A Georgia quest for RNC approval of medicinal marijuana gets a sharp rebuke

CLEVELAND -- Dale Jackson, a heating and air-conditioning man and father of an 8-year-old autistic son, flew up to the site of the Republican National Convention on Monday, to ask his party’s platform committee to endorse the use of medicinal marijuana where appropriate.

He wanted to take Georgia’s fight national.

Jackson found a delegate who would pitch the idea, but his luck ended there. The 112-member committee that is currently drafting policy positions for the 2016 presidential contest rejected it out of hand, by a voice vote of two-thirds or more.

“I knew that this issue was a long shot. Traditionally speaking, the RNC tends to be behind the general public and public sentiment. I was prepared for the failure of the amendment,” said Jackson, who took the rebuke hard. “Like other defeats in the past, I will continue on to fight for my son and his medicine.”

Jackson is chairman of the Third District GOP. The very conservative congressional district stretches from metro Atlanta to Columbus. Jackson has been active in state Rep. Allen Peake’s effort to legalize the use of medicinal marijuana in Georgia. An effort to permit a few licensed companies to grow the drug for therapeutic use failed this session.

The effort to obtain a national Republican endorsement for cannabis oil – not legalized marijuana use – was only one of several issues, big and small, that Republicans wrestled with. The platform committee beat back an effort to kill language that encourages state legislatures to make the Bible a part of school literature studies in their state. They challenged federal efforts to protect grey wolves and prairie chickens.

Republicans killed an effort to permit states to bar welfare recipients from purchasing junk food – a position that brought a Georgia delegate into the debate. Scott Johnson of Marietta said such restrictions, attempted in some states, expose retailers to uncertain and often hair-splitting regulation.

‘It’s very hard to have a health food definition. Just as an example, Oreos were okay, but chocolate-covered Oreos were not, because they were considered candy,” Johnson said. Afterwards, he admitted that Coke’s tall profile in Atlanta was another consideration.

But it was the debate over medicinal marijuana that sparked some of the sharpest exchanges of the afternoon. Jackson is an RNC delegate who will return to Cleveland next week. But he was not a member of the platform committee, and stood in the front row of the press section – as if he would leap over the rail to join the debate.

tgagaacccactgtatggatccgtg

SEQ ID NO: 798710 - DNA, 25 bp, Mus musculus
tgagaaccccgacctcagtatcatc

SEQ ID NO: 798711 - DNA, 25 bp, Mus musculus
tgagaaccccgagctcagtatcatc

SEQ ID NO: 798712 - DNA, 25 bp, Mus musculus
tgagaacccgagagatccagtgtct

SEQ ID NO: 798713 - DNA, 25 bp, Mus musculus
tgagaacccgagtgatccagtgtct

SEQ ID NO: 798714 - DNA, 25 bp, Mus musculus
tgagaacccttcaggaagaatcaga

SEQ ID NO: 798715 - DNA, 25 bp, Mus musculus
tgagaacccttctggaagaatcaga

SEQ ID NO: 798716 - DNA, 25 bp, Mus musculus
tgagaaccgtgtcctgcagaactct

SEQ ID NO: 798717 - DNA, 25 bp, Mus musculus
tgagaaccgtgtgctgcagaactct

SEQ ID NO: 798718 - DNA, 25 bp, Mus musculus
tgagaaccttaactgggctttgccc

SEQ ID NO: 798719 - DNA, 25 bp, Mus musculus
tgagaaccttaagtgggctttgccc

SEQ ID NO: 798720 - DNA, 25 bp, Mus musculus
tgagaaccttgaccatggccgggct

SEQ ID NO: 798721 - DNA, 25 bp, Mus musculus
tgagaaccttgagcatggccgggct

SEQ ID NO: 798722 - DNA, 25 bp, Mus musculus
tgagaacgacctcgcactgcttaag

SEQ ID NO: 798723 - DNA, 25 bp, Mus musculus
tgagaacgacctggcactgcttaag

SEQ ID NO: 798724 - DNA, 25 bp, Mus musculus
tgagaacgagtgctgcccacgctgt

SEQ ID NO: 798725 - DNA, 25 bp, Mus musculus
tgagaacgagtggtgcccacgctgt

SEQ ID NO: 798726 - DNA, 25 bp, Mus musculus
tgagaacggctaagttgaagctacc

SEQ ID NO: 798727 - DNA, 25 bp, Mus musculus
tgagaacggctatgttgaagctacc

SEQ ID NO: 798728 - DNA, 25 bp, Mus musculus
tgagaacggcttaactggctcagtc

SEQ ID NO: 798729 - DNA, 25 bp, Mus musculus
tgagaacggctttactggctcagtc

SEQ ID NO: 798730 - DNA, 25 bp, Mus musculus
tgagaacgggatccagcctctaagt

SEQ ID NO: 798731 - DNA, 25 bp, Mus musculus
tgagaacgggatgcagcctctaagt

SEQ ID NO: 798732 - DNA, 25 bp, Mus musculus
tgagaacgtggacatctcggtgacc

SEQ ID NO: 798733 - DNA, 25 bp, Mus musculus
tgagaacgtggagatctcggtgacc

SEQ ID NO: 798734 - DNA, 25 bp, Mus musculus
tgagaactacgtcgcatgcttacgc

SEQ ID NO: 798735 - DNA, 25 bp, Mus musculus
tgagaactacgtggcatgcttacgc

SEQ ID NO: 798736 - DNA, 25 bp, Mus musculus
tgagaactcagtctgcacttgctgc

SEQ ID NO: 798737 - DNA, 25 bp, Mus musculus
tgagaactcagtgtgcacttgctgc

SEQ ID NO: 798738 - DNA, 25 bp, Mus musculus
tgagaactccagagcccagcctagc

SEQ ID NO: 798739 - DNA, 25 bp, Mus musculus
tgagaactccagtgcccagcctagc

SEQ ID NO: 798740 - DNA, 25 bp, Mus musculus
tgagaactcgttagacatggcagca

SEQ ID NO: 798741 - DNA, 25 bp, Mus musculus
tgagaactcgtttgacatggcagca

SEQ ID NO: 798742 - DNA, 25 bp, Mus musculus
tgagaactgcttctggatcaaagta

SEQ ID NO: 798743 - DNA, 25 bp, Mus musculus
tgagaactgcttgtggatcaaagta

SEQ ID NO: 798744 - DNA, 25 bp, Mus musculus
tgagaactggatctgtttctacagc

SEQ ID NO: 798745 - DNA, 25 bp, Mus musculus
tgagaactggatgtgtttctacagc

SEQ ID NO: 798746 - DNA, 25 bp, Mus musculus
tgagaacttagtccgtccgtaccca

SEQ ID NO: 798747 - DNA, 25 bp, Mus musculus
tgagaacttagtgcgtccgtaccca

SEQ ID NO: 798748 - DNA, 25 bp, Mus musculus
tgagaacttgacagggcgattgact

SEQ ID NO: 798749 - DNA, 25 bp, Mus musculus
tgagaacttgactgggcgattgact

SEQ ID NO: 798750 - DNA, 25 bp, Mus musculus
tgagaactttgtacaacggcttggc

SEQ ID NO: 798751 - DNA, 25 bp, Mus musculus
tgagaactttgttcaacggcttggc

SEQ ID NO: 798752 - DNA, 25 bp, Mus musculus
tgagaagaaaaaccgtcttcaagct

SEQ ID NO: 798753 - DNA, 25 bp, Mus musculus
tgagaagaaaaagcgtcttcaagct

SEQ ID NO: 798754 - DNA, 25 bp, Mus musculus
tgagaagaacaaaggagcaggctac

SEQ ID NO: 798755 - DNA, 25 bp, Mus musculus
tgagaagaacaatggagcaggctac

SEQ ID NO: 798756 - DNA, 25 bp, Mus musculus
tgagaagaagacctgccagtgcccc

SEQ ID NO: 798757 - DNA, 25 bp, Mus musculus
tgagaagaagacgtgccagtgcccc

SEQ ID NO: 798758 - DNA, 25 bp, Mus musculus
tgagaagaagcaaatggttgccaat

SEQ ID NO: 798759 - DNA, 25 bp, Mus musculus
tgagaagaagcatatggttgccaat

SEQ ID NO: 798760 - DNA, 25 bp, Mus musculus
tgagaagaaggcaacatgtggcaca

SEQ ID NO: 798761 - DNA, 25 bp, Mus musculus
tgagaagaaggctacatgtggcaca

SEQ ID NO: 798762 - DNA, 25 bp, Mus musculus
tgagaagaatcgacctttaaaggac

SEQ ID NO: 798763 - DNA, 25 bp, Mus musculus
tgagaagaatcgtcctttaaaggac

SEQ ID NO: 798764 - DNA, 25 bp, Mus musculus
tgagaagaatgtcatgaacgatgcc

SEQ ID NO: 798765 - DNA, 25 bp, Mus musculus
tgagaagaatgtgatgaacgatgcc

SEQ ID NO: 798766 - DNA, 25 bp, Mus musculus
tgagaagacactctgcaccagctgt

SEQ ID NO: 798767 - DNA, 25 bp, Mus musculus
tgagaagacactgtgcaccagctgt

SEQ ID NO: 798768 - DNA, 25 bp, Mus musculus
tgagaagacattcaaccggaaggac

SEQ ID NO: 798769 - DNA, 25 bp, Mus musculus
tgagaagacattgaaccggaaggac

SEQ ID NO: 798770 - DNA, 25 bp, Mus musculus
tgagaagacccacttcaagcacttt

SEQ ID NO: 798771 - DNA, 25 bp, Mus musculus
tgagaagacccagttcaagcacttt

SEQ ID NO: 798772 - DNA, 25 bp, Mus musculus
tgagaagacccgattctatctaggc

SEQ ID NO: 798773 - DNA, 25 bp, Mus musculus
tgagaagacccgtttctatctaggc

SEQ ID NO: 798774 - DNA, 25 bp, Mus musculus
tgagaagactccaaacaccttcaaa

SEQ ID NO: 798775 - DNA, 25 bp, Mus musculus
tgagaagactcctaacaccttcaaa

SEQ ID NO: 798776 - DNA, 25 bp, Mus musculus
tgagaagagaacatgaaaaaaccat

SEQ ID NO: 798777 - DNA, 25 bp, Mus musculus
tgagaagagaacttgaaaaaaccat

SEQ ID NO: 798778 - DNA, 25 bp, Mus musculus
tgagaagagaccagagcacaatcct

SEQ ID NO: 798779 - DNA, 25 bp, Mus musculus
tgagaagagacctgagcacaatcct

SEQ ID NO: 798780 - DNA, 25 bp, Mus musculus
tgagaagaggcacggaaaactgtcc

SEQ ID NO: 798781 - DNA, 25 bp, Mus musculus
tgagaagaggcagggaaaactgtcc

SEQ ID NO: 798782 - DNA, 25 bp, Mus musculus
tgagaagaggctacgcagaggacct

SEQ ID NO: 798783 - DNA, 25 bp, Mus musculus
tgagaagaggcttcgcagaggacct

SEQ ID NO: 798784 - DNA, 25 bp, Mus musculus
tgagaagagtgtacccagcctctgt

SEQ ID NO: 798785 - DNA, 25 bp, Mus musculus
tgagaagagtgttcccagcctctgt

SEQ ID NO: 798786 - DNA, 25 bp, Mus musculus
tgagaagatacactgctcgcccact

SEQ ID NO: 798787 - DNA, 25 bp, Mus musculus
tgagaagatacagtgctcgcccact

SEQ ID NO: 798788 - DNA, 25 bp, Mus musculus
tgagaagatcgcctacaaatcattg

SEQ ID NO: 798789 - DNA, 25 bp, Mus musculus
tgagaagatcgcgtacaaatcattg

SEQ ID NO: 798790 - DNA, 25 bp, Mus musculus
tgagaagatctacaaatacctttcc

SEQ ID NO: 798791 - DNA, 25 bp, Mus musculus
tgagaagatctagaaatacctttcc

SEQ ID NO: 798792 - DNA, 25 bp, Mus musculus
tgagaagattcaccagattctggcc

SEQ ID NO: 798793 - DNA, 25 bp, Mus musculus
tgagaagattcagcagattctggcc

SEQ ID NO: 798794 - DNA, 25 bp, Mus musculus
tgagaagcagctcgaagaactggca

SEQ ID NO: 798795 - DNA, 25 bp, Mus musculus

“It was beyond painful for me not to have an opportunity to respond to the critics that spoke against the amendment,” he said afterwards.

A delegate from California drew a line between pot and gun violence. “If you look at the debate about guns, all of the mass killings that have taken place, they’re young boys from divorced families, and they’re all smoking pot,” she said.

Others pointed to the problems states have had with prescription drugs like Oxycotin, approved by the U.S. Food and Drug Administration. Others pointed out that, while some states have legalized it, marijuana in any form remains on a federal list of forbidden drugs.

“It’s the opiates that they’re on, is what’s causing all the shooters, and the addictions and the overdoses,” Jackson erupted after the vote. “Not cannabis. But that’s FDA appoved, so they’re okay with that.”

Jackson had the support of the two Georgia delegates, Johnson and Rayna Casey. But it was Eric Brakey of Maine, a young state senator who chairs his chamber’s health and human services committee, who introduced the amendment to the RNC platform.

A split along generational lines was evident. The nail in the coffin came from Jim Bopp, an older Indiana attorney and influential religious conservative. “This would be a major policy change with wide-ranging effects,” he said.

Jackson admitted the gap. “My generation is more informed and has a better understanding of the issue of medical cannabis oil. Quite frankly, because we’re the ones now with children that are facing these issues,” he said, voice-breaking. “We see it first-hand. We see lives being changed first hand. Until you see it, you don’t get it.”

Jackson said he and his wife began administering cannabis oil to their son, diagnosed with non-verbal autism, on March 3. He still doesn’t speak, but his condition has improved, the young father said.

Jackson will return to Georgia on Tuesday, then drive back to Cleveland for the official beginning of the convention next week.


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About the Author

Jim Galloway
Jim Galloway
Jim Galloway is a three-decade veteran of The Atlanta Journal-Constitution who writes the Political Insider blog and column.